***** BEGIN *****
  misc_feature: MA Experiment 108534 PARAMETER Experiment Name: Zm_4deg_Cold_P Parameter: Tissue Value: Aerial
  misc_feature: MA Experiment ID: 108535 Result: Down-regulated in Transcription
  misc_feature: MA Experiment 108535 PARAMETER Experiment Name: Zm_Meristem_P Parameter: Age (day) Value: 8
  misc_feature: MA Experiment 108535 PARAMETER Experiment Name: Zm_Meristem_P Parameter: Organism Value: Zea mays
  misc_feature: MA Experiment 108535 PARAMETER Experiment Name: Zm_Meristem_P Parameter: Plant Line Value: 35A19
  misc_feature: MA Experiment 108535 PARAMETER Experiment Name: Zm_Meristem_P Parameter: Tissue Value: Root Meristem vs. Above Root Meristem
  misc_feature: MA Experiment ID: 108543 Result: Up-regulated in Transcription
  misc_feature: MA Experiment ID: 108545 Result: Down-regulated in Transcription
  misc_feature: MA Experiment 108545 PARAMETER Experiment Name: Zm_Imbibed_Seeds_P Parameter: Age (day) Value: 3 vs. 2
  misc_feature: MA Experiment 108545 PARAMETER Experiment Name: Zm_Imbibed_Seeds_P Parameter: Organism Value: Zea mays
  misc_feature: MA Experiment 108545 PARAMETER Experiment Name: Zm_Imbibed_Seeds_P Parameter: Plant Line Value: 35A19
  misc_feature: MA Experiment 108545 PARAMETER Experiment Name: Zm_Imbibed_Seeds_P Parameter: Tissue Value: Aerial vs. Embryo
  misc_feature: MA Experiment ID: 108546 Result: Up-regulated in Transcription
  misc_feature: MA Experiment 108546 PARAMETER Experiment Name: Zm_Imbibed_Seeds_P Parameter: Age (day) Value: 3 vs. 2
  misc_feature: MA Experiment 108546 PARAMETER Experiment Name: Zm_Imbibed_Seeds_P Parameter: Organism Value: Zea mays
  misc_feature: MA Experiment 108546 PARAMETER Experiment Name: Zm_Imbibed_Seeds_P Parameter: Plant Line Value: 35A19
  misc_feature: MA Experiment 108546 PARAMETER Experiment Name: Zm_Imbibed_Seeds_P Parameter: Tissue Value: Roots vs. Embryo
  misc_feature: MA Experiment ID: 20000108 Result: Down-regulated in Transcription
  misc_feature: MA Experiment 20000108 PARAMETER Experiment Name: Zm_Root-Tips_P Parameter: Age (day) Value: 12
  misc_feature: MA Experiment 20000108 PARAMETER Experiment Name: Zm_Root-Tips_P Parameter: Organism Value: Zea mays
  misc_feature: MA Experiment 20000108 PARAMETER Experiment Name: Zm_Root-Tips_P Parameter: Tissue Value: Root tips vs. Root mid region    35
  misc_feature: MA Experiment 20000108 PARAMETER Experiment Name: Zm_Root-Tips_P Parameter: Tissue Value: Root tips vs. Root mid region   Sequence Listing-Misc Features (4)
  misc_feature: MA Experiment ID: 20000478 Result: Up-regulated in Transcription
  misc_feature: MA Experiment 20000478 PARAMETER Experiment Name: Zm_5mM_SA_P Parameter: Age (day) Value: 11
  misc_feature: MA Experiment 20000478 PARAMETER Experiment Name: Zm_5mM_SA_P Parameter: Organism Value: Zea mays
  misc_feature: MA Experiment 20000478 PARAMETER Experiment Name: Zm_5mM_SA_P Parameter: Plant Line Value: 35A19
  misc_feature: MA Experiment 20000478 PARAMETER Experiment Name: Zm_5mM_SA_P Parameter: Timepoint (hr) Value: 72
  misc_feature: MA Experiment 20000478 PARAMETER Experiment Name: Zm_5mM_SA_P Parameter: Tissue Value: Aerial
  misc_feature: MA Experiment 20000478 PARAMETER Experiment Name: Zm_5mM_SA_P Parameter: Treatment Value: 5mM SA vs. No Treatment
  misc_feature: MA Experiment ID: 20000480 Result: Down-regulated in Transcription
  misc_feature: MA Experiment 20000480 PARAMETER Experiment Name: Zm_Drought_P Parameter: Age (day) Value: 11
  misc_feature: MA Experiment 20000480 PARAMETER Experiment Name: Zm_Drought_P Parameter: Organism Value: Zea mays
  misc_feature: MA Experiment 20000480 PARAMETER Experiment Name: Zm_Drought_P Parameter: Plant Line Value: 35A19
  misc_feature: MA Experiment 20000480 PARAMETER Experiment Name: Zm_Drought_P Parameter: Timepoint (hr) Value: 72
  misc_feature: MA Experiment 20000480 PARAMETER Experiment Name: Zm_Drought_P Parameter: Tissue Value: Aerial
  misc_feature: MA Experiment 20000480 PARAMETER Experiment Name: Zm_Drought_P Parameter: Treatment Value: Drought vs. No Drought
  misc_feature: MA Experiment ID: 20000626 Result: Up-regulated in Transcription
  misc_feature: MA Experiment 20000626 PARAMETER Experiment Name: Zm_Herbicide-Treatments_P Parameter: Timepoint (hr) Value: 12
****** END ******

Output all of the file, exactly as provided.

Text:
  misc_feature: MA Experiment 108534 PARAMETER Experiment Name: Zm_4deg_Cold_P Parameter: Tissue Value: Aerial
  misc_feature: MA Experiment ID: 108535 Result: Down-regulated in Transcription
  misc_feature: MA Experiment 108535 PARAMETER Experiment Name: Zm_Meristem_P Parameter: Age (day) Value: 8
  misc_feature: MA Experiment 108535 PARAMETER Experiment Name: Zm_Meristem_P Parameter: Organism Value: Zea mays
  misc_feature: MA Experiment 108535 PARAMETER Experiment Name: Zm_Meristem_P Parameter: Plant Line Value: 35A19
  misc_feature: MA Experiment 108535 PARAMETER Experiment Name: Zm_Meristem_P Parameter: Tissue Value: Root Meristem vs. Above Root Meristem
  misc_feature: MA Experiment ID: 108543 Result: Up-regulated in Transcription
  misc_feature: MA Experiment ID: 108545 Result: Down-regulated in Transcription
  misc_feature: MA Experiment 108545 PARAMETER Experiment Name: Zm_Imbibed_Seeds_P Parameter: Age (day) Value: 3 vs. 2
  misc_feature: MA Experiment 108545 PARAMETER Experiment Name: Zm_Imbibed_Seeds_P Parameter: Organism Value: Zea mays
  misc_feature: MA Experiment 108545 PARAMETER Experiment Name: Zm_Imbibed_Seeds_P Parameter: Plant Line Value: 35A19
  misc_feature: MA Experiment 108545 PARAMETER Experiment Name: Zm_Imbibed_Seeds_P Parameter: Tissue Value: Aerial vs. Embryo
  misc_feature: MA Experiment ID: 108546 Result: Up-regulated in Transcription
  misc_feature: MA Experiment 108546 PARAMETER Experiment Name: Zm_Imbibed_Seeds_P Parameter: Age (day) Value: 3 vs. 2
  misc_feature: MA Experiment 108546 PARAMETER Experiment Name: Zm_Imbibed_Seeds_P Parameter: Organism Value: Zea mays
  misc_feature: MA Experiment 108546 PARAMETER Experiment Name: Zm_Imbibed_Seeds_P Parameter: Plant Line Value: 35A19
  misc_feature: MA Experiment 108546 PARAMETER Experiment Name: Zm_Imbibed_Seeds_P Parameter: Tissue Value: Roots vs. Embryo
  misc_feature: MA Experiment ID: 20000108 Result: Down-regulated in Transcription
  misc_feature: MA Experiment 20000108 PARAMETER Experiment Name: Zm_Root-Tips_P Parameter: Age (day) Value: 12
  misc_feature: MA Experiment 20000108 PARAMETER Experiment Name: Zm_Root-Tips_P Parameter: Organism Value: Zea mays
  misc_feature: MA Experiment 20000108 PARAMETER Experiment Name: Zm_Root-Tips_P Parameter: Tissue Value: Root tips vs. Root mid region    35
  misc_feature: MA Experiment 20000108 PARAMETER Experiment Name: Zm_Root-Tips_P Parameter: Tissue Value: Root tips vs. Root mid region   Sequence Listing-Misc Features (4)
  misc_feature: MA Experiment ID: 20000478 Result: Up-regulated in Transcription
  misc_feature: MA Experiment 20000478 PARAMETER Experiment Name: Zm_5mM_SA_P Parameter: Age (day) Value: 11
  misc_feature: MA Experiment 20000478 PARAMETER Experiment Name: Zm_5mM_SA_P Parameter: Organism Value: Zea mays
  misc_feature: MA Experiment 20000478 PARAMETER Experiment Name: Zm_5mM_SA_P Parameter: Plant Line Value: 35A19
  misc_feature: MA Experiment 20000478 PARAMETER Experiment Name: Zm_5mM_SA_P Parameter: Timepoint (hr) Value: 72
  misc_feature: MA Experiment 20000478 PARAMETER Experiment Name: Zm_5mM_SA_P Parameter: Tissue Value: Aerial
  misc_feature: MA Experiment 20000478 PARAMETER Experiment Name: Zm_5mM_SA_P Parameter: Treatment Value: 5mM SA vs. No Treatment
  misc_feature: MA Experiment ID: 20000480 Result: Down-regulated in Transcription
  misc_feature: MA Experiment 20000480 PARAMETER Experiment Name: Zm_Drought_P Parameter: Age (day) Value: 11
  misc_feature: MA Experiment 20000480 PARAMETER Experiment Name: Zm_Drought_P Parameter: Organism Value: Zea mays
  misc_feature: MA Experiment 20000480 PARAMETER Experiment Name: Zm_Drought_P Parameter: Plant Line Value: 35A19
  misc_feature: MA Experiment 20000480 PARAMETER Experiment Name: Zm_Drought_P Parameter: Timepoint (hr) Value: 72
  misc_feature: MA Experiment 20000480 PARAMETER Experiment Name: Zm_Drought_P Parameter: Tissue Value: Aerial
  misc_feature: MA Experiment 20000480 PARAMETER Experiment Name: Zm_Drought_P Parameter: Treatment Value: Drought vs. No Drought
  misc_feature: MA Experiment ID: 20000626 Result: Up-regulated in Transcription
  misc_feature: MA Experiment 20000626 PARAMETER Experiment Name: Zm_Herbicide-Treatments_P Parameter: Timepoint (hr) Value: 12